Involuntary Heroes by Rev. Tony Cooke

Involuntary Heroes Rev. Tony Cooke

John F. Kennedy is a great figure in American history, and is well-known as our thirty-fifth president.  After graduating from Harvard in 1940, he entered the Navy and was put in charge of a U.S. Navy Torpedo Boat, PT-109, in the Pacific.  When he and his crew were on a night patrol in August of 1943, their boat was rammed by the Japanese destroyer, Amagiri.  Kennedy (who had been injured himself) towed a more seriously wounded man as he led the survivors to safety by swimming to a nearby island.  Five difficult days afterward they were rescued.

As a result, JFK received the Purple Heart and other military honors.  Kennedy was later asked how he became a war hero.  Expressing his keen sense of humor, he said, “It was involuntary.  They sank my boat.”

When I read that, it made me think of how many situations we face in life that really are involuntary.  In other words, we all encounter circumstances that we never asked for (and probably never would ask for).  This leads us to a great truth in life: We don’t have control over all the situations we encounter, but we do have control over our reactions and responses.  In spite of Kennedy’s humorous twist regarding the question he was asked, it wasn’t his boat being sunk, but rather his response that made him a hero

The same principle is true of many of the great characters in the Bible:

  • Joseph didn’t volunteer to be sold into slavery or thrown into jail, but his response made him a hero.
  • Gideon didn’t volunteer to be one of those oppressed by the Midianites, but his response made him a hero.
  • Daniel, Shadrach, Meshach, and Abednego didn’t volunteer to go into Babylonian captivity, but their response made them heroes.
  • Esther didn’t volunteer to be raised as a Jewish orphan in a foreign land, but her response made her a hero.
  • Paul didn’t volunteer for a shipwreck, but his response made him a hero.

When confronted with great adversity, our natural instinct may be to despair, to complain, and to say, “This isn’t fair.  Why is this happening to me?” or even, “I didn’t sign up for this!”  But the Bible makes it clear that our response to negative circumstances needs to be the response of faith.

This is why James told us, “…when troubles come your way, consider it an opportunity for great joy.  For you know that when your faith is tested, your endurance has a chance to grow.   So let it grow, for when your endurance is fully developed, you will be perfect and complete, needing nothing” (James 1:2-4, NLT).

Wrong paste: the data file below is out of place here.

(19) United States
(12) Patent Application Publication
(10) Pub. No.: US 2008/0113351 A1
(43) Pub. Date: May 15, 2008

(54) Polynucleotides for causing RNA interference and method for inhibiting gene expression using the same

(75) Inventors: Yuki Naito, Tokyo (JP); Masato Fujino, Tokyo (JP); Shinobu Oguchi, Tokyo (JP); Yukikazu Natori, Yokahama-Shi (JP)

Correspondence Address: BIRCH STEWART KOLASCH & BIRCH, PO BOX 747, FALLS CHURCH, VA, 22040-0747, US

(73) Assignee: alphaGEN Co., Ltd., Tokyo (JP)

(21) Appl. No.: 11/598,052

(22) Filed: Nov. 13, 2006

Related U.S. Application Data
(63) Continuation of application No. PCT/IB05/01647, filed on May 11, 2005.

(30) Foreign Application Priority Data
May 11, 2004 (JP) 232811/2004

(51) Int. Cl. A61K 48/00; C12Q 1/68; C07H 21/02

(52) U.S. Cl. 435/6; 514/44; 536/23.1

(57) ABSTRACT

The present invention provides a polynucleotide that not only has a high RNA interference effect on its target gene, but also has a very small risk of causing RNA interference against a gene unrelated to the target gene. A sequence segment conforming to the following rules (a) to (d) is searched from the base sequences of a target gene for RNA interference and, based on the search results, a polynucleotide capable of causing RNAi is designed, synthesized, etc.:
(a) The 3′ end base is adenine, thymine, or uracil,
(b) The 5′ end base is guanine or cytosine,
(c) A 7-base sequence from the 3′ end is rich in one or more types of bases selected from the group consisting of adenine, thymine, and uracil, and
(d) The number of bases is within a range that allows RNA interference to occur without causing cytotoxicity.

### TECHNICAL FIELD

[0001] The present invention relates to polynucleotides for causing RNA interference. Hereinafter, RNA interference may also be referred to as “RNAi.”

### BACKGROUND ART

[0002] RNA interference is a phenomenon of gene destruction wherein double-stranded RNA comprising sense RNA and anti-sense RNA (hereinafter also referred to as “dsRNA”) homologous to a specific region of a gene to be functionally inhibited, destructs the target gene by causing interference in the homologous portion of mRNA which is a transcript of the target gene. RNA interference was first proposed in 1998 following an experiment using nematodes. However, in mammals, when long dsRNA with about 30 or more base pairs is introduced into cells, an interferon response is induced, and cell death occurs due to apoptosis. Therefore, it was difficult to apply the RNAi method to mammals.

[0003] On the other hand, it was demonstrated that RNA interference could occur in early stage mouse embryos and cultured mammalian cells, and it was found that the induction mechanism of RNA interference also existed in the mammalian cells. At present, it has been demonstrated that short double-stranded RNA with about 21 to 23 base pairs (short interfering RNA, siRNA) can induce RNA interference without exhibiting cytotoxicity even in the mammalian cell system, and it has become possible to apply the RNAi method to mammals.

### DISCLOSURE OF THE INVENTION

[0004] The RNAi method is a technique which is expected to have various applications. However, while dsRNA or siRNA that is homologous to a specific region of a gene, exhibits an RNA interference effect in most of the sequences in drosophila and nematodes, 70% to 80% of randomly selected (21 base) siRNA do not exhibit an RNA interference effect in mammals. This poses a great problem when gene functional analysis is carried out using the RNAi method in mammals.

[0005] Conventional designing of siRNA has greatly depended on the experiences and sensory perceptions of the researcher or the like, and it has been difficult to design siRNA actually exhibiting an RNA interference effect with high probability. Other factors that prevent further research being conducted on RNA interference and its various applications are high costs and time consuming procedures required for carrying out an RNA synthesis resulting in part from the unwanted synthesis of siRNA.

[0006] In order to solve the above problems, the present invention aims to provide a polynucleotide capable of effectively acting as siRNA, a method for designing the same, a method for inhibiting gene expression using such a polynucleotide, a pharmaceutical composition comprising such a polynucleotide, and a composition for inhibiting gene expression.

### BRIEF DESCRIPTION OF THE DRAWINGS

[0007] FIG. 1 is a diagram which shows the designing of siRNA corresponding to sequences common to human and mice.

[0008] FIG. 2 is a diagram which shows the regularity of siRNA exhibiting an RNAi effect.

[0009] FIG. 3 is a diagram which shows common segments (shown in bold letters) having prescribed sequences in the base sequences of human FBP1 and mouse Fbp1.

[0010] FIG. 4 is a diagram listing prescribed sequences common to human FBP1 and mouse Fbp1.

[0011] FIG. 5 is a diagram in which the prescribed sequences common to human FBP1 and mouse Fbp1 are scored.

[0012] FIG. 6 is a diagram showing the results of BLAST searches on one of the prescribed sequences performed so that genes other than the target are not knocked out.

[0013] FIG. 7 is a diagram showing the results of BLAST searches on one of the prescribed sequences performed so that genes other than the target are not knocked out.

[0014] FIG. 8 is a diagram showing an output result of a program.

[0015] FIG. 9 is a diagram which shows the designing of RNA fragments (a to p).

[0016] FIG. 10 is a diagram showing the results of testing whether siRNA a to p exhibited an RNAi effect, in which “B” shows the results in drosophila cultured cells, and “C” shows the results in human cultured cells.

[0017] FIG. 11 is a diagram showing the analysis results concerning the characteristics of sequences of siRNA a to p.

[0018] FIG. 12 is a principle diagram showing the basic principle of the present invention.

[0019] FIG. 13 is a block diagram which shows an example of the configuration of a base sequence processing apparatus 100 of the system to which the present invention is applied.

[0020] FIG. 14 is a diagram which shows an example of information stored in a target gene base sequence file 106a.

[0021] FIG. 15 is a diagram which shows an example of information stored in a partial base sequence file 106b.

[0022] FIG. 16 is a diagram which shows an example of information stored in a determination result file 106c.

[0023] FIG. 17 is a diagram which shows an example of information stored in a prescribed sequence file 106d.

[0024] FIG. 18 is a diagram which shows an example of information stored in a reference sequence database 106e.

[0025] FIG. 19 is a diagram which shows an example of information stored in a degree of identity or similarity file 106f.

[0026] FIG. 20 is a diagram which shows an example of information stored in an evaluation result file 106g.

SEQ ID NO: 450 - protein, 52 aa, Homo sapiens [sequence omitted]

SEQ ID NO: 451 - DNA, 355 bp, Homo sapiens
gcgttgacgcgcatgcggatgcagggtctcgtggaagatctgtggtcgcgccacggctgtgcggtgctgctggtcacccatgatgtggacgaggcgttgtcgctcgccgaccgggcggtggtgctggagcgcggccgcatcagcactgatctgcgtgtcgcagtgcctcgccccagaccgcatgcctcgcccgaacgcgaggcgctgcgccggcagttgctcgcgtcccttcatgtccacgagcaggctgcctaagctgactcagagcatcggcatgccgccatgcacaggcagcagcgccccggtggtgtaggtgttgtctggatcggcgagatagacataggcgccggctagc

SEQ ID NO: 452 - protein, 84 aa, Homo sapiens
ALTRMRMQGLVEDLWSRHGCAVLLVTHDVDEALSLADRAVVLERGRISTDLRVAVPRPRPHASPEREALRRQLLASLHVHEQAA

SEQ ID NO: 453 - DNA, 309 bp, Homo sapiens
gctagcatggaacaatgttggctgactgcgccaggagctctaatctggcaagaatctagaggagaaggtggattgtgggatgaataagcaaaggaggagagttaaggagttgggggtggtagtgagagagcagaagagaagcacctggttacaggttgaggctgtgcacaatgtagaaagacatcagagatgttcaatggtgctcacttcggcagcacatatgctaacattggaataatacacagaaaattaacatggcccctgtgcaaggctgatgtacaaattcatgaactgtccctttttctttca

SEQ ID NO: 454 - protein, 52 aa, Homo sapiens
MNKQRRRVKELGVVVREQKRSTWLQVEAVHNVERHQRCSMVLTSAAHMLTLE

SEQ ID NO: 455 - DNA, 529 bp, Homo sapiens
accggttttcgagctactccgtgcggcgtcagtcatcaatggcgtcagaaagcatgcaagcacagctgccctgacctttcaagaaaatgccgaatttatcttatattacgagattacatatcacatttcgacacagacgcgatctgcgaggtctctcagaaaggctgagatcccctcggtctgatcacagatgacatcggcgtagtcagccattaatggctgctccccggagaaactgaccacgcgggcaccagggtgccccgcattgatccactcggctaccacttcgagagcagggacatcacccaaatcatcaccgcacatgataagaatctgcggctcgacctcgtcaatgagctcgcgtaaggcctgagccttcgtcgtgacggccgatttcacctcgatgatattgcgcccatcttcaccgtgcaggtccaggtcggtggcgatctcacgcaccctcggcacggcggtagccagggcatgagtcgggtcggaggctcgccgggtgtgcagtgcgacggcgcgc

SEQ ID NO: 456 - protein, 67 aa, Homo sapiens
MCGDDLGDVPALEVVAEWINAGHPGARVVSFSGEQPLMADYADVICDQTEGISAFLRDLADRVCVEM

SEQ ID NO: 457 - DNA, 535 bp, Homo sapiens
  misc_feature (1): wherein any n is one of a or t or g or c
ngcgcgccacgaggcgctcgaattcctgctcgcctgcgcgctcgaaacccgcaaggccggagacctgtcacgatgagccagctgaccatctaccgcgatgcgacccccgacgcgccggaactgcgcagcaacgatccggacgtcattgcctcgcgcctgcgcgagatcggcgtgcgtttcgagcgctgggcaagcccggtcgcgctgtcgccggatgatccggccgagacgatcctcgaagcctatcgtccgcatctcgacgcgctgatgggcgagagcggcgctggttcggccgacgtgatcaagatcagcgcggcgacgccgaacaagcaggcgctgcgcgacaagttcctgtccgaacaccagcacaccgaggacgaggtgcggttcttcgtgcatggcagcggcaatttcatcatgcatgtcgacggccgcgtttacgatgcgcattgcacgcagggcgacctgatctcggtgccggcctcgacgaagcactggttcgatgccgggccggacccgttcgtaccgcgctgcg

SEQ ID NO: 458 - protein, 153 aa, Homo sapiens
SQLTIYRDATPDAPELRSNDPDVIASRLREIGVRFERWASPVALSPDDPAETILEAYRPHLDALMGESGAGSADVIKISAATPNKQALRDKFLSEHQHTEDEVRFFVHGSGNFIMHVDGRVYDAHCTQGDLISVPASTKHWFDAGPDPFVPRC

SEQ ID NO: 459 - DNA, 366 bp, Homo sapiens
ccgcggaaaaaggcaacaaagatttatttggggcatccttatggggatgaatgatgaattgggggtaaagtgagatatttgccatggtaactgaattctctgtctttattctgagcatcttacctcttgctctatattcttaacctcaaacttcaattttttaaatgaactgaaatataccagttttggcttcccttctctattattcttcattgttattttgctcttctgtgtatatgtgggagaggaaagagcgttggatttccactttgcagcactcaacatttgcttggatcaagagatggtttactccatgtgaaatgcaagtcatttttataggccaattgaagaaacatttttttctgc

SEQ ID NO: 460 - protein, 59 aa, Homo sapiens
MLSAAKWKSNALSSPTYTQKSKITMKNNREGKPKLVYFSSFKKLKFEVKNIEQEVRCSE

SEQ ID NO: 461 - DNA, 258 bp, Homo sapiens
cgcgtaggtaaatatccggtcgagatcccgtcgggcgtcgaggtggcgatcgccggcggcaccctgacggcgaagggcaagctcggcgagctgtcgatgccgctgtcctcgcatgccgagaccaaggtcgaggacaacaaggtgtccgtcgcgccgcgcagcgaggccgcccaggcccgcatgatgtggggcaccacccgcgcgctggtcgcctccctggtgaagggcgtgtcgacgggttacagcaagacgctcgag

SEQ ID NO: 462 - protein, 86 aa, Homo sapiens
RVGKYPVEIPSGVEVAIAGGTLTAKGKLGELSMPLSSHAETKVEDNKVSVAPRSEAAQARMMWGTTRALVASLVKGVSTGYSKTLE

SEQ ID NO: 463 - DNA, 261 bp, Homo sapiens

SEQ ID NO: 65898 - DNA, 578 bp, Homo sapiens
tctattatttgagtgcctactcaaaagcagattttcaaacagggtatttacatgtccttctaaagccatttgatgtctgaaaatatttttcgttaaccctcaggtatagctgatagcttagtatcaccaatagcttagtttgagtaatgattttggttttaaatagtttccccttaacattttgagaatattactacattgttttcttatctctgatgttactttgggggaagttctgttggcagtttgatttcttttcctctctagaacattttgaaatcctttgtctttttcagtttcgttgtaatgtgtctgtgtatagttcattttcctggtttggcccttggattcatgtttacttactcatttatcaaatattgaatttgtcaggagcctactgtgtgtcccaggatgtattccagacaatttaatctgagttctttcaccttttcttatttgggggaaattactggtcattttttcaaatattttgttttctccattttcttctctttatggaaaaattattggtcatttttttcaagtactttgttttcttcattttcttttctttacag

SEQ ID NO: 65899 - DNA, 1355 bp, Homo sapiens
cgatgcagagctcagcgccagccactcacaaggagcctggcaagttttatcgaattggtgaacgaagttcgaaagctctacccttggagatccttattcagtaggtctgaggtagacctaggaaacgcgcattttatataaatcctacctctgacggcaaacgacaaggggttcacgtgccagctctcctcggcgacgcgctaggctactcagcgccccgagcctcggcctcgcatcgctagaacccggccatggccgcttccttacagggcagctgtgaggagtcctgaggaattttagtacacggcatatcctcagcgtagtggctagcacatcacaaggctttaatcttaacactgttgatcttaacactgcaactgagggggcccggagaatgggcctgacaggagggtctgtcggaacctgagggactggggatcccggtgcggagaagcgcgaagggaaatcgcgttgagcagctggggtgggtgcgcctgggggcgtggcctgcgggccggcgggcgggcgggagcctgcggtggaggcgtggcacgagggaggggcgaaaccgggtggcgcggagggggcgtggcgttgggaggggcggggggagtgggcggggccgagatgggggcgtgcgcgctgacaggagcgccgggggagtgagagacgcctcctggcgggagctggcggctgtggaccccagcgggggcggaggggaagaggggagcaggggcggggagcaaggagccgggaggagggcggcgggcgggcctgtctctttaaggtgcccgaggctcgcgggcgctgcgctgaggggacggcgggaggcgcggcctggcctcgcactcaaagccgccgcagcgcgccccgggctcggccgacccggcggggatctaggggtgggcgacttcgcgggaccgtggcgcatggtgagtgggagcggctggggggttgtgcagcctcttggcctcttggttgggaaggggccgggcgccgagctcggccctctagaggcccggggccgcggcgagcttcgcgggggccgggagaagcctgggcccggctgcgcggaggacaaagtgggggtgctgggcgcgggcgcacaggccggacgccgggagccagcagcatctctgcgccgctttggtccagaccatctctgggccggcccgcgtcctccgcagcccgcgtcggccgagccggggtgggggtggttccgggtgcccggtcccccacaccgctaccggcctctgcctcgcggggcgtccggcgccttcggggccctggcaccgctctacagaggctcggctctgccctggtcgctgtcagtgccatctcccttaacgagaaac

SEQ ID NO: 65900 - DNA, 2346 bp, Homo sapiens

James understood that certain challenges in life were inevitable, but we can respond to such inevitabilities with a great confidence in God.  When we do, great results occur.  Someone said, “A diamond is a chunk of coal that made good under pressure.” 

Author Zane Grey shared the following outstanding insight: “Recipe for greatness — To bear up under loss, to fight the bitterness of defeat and the weakness of grief, to be victor over anger, to smile when tears are close, to resist evil men and base instincts, to hate hate and to love love, to go on when it would seem good to die, to seek ever after the glory and the dream, to look up with unquenchable faith in something evermore about to be, that is what any man can do, and so be great.”

Something Else That’s Involuntary

We don’t only face involuntary adversity, but when we stop and think about it, we realize that our calling in life—the assignment that God’s given each of us—is also involuntary.  It’s true that we have a choice to accept it or reject it, to submit to it or rebel against it, but God has given us a calling according to His own choosing.  Consider the following Scriptures:

Jesus said, “You did not choose Me, but I chose you and appointed you… (John 15:16).

2 Timothy 1:9 says that God “…has saved us and called us with a holy calling, not according to our works, but according to His own purpose and grace which was given to us in Christ Jesus before time began.”

Paul, in Philippians 3:12, references the calling he received from the Lord and his response to that calling, and says, “…that I may apprehend that for which also I am apprehended of Christ Jesus.”  Notice that he refers to his calling as having been “apprehended.”

It is true that God is a gentleman, that He does not override our free will.  However, He does issue commands and asks that we submit our will to his.  Even Jesus had to do this, as was evidenced by His statement, “…not My will, but Yours be done” (Luke 22:42).


We all face things in life that are involuntary.  We didn’t ask for some of the challenges we face, nor did we necessarily ask for God’s plan for our lives.  He loved us before we loved Him.  He sought us before we ever thought about seeking Him, and thank God that he also apprehended us!

There may be times in your life when you feel like JFK… that someone sank your boat, and now you find yourself dealing with the results.  You can bemoan the predicament, or you can become a hero through a positive and persistent response. 

William Shakespeare said, “Be not afraid of greatness; some are born great, some achieve greatness, and others have greatness thrust upon them.”  I believe that greatness is thrust upon us when we respond positively both to the trials of life and to God’s claims upon our lives.

We pray that this will be a tremendous year for you, and that regardless of the challenges that life brings, you will find great strength and courage through your relationship with Him.